After Alanganallur, Palamedu and Avaniapuram, it will be Coimbatore’s turn to host jallikattu in February. Known for rekla and cock-fights, this town is soon going to be in the reckoning for the bull-taming sport too. And the 50 bulls at the event will not be from the sport’s hotbed Madurai, but those nurtured and trained at the foothills of the Western Ghats.
The man who is behind all this is P Sivaganesh, Managing Director of Shree Devi Textiles, Coimbatore. He has been getting his bulls, all 209 of them, ready for the past two years. These bulls were once the pride of the jallikattu scene in Madurai, but had to be sold in distress by the owners when the ban was imposed.
Till 2013, Sivaganesh used to donate to gaushalas to encourage them to give succour to more cows and buffaloes that were rescued from the abattoir. In 2014, he decided to start one himself when he found an increased need to save the bovine. He bought 25 acres of land at Pachavayal near Narsipuram, a village 30 km from Coimbatore bordering the Velliangiri mountains in the Western Ghats, and the Velliangiri Gaushala was born.
It had just two inmates in the form of cows, when the apex court imposed the ban on conduct of jallikattu in May 2014. It was January 2015, when he heard that people from Madurai and nearby places such as Alanganallur, Vaadipatti, Palamedu, Avaniyapuram, who had given up hope on the ban being repealed, were starting to sell their bulls for slaughter.
With the hope to save at least 50 jallikattu bulls, he rushed to Madurai, and with the help of agents he was able to identify farmers who were selling. When he returned to Coimbatore in February, he had 209 bulls with him. He is not clear now as to what made him take that decision, how it all happened and how much he paid, but he remembers that he was confident that he would be able to manage the upkeep of the studs.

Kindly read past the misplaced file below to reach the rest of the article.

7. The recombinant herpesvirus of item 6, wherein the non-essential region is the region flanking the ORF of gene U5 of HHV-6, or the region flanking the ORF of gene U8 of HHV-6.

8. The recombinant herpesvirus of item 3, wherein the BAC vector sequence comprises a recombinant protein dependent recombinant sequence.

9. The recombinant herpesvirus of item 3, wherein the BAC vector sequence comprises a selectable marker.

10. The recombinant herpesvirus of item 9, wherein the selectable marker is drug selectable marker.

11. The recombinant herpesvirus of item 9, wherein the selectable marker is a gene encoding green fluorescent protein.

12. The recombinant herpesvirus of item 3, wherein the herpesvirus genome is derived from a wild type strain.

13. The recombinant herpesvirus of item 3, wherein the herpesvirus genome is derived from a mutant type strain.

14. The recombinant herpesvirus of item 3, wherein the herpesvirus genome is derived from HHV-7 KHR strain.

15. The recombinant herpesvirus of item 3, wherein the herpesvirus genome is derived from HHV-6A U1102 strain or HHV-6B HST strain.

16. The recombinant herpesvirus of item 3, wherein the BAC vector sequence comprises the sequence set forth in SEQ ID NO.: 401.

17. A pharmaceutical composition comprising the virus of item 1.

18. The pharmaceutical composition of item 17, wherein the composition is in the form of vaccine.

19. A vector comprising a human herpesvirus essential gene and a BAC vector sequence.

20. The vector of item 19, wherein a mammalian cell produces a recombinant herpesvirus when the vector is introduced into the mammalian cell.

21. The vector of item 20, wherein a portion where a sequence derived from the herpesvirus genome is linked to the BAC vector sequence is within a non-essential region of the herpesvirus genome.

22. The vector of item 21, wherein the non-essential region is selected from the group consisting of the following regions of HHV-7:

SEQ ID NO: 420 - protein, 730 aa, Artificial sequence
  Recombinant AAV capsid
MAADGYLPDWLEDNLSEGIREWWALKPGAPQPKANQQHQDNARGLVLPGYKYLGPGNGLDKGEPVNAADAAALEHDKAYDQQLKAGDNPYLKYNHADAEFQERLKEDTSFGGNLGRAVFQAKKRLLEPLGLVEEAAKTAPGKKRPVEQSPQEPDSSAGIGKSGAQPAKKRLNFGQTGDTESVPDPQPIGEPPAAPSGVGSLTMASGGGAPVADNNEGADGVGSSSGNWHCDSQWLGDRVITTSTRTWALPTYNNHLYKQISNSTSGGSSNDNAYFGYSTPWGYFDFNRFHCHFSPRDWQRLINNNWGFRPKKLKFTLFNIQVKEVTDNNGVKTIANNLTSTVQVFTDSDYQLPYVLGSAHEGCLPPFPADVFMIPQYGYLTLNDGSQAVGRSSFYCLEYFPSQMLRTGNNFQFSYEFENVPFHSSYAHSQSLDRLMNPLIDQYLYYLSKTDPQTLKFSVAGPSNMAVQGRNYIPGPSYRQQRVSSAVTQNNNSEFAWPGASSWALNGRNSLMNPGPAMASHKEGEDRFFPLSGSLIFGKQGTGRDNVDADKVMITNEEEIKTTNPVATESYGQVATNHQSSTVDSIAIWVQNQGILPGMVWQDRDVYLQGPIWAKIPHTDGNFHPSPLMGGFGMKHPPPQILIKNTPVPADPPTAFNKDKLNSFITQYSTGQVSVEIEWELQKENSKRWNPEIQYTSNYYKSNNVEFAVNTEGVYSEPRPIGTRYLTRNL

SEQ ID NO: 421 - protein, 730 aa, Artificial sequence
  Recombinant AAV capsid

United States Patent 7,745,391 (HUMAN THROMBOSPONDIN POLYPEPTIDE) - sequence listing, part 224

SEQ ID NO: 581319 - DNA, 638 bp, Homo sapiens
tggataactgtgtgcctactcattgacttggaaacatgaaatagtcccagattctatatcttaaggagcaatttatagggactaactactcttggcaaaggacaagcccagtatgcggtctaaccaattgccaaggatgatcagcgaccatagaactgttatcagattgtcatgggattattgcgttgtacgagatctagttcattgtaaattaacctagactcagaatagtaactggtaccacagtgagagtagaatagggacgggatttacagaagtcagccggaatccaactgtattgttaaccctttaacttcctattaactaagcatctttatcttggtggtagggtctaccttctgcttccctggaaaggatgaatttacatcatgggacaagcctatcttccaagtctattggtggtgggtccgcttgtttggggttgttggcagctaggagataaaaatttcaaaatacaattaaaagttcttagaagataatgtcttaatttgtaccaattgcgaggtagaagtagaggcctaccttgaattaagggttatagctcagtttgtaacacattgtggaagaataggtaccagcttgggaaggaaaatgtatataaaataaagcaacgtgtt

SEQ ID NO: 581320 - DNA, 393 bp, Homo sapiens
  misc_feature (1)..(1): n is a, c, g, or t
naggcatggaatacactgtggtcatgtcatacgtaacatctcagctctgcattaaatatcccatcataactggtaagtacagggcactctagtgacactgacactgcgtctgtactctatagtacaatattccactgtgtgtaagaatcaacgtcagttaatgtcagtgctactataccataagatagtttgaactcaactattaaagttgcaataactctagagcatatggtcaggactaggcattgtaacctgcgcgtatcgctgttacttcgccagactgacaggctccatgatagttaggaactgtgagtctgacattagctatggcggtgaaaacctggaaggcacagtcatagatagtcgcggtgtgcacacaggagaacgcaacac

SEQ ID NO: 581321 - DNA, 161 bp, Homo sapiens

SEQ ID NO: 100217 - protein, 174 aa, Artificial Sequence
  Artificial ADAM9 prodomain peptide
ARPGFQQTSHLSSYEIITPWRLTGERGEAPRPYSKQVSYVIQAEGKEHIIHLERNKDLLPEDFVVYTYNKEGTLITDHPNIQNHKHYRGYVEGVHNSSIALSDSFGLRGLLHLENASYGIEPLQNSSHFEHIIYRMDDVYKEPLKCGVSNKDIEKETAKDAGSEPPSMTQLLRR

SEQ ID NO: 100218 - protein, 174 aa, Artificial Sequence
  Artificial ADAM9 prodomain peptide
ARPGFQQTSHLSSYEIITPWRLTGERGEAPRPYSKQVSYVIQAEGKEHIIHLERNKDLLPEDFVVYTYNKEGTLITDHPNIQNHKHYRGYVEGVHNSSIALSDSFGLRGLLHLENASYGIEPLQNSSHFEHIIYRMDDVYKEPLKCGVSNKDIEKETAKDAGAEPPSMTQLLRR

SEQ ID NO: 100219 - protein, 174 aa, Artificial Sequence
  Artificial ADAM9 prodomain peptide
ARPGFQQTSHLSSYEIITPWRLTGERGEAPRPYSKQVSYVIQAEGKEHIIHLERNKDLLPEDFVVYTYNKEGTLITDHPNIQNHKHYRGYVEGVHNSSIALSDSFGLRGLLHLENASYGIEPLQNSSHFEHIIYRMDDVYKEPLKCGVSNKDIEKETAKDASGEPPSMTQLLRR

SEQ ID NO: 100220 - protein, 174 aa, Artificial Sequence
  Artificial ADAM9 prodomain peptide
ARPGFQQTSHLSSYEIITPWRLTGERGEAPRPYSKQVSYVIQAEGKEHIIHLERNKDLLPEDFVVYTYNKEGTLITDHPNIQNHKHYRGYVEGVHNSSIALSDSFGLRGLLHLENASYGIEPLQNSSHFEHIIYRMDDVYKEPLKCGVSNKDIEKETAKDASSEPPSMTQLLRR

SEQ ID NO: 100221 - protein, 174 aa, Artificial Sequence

He was also certain that someday, the ban would be lifted and the sport would be played. Hence, along with the food, he ensured the studs received the requisite training that any rural household in Madurai would provide their jallikattu bull.
For this, seven trainers and handlers were brought in from these villages and employed at the gaushala. G Jayamani from Arattapatti village, who sold 10 of his own, is the supervisor of these 209 bulls and oversees their rearing and training.
As the Managing Trustee of the gaushala, Sivaganesh single-handedly manages the financial upkeep of the now 1,560 bovines, without any sponsorships or donations. There are 40 staffers to manage the place. While all the animals are fed the same diet, the jallikattu bulls get a supplement of wheat bran and broken black gram (urad dal). Their training sessions are held in a separate area. This includes a daily morning walk, and evening fitness and stamina building.
Jayamani, who spends his days and nights with the native breeds, is happy and proud that he got this opportunity. With the ban revoked, he is unable to mask his eagerness as he waits for the day when his studs would take part in jallikattu. Recounting several instances, he tries to drive home the point the place of pride the sport continues to have in the lives of those in the Madurai region, notwithstanding the injuries and deaths.
A former jallikattu hero, Jayamani remembers with sorrow the days following the imposition of the ban, how families waited for it to be revoked, and later the desperation with which some of them were forced to sell the bulls for slaughter.
Pointing out that the bulls were ferocious by nature, he adds that there was no need to use stimulants to boost their aggressiveness. And, to prove that two trainers lead a bull from the stall to the training area. The bull snorts, ploughs his horns deep into the mud, and paws the mud with his hind feet for a couple of minutes as if to assuage his aggression before starting the fitness regime.
As the bulls are being geared up, the tamers are also being identified. Sivaganesh hopes to get participants both from Madurai and Coimbatore. As a prelude to the whole process, he plans to send at least 10 of his bulls to the sport being held at three locations on February 1, 2 and 5.
Following this, he wants to organise the event in Coimbatore under the banner of his textile shop. He also has a Plan B if at all it fails to take off in February, which is to hold jallikattu in April to coincide with the “Chithirai thiruvizha”.
Though his two showrooms consume almost all of his time, he is a driven man who will not rest till he has made all his 209 bulls the real “jallikattu kaalai”.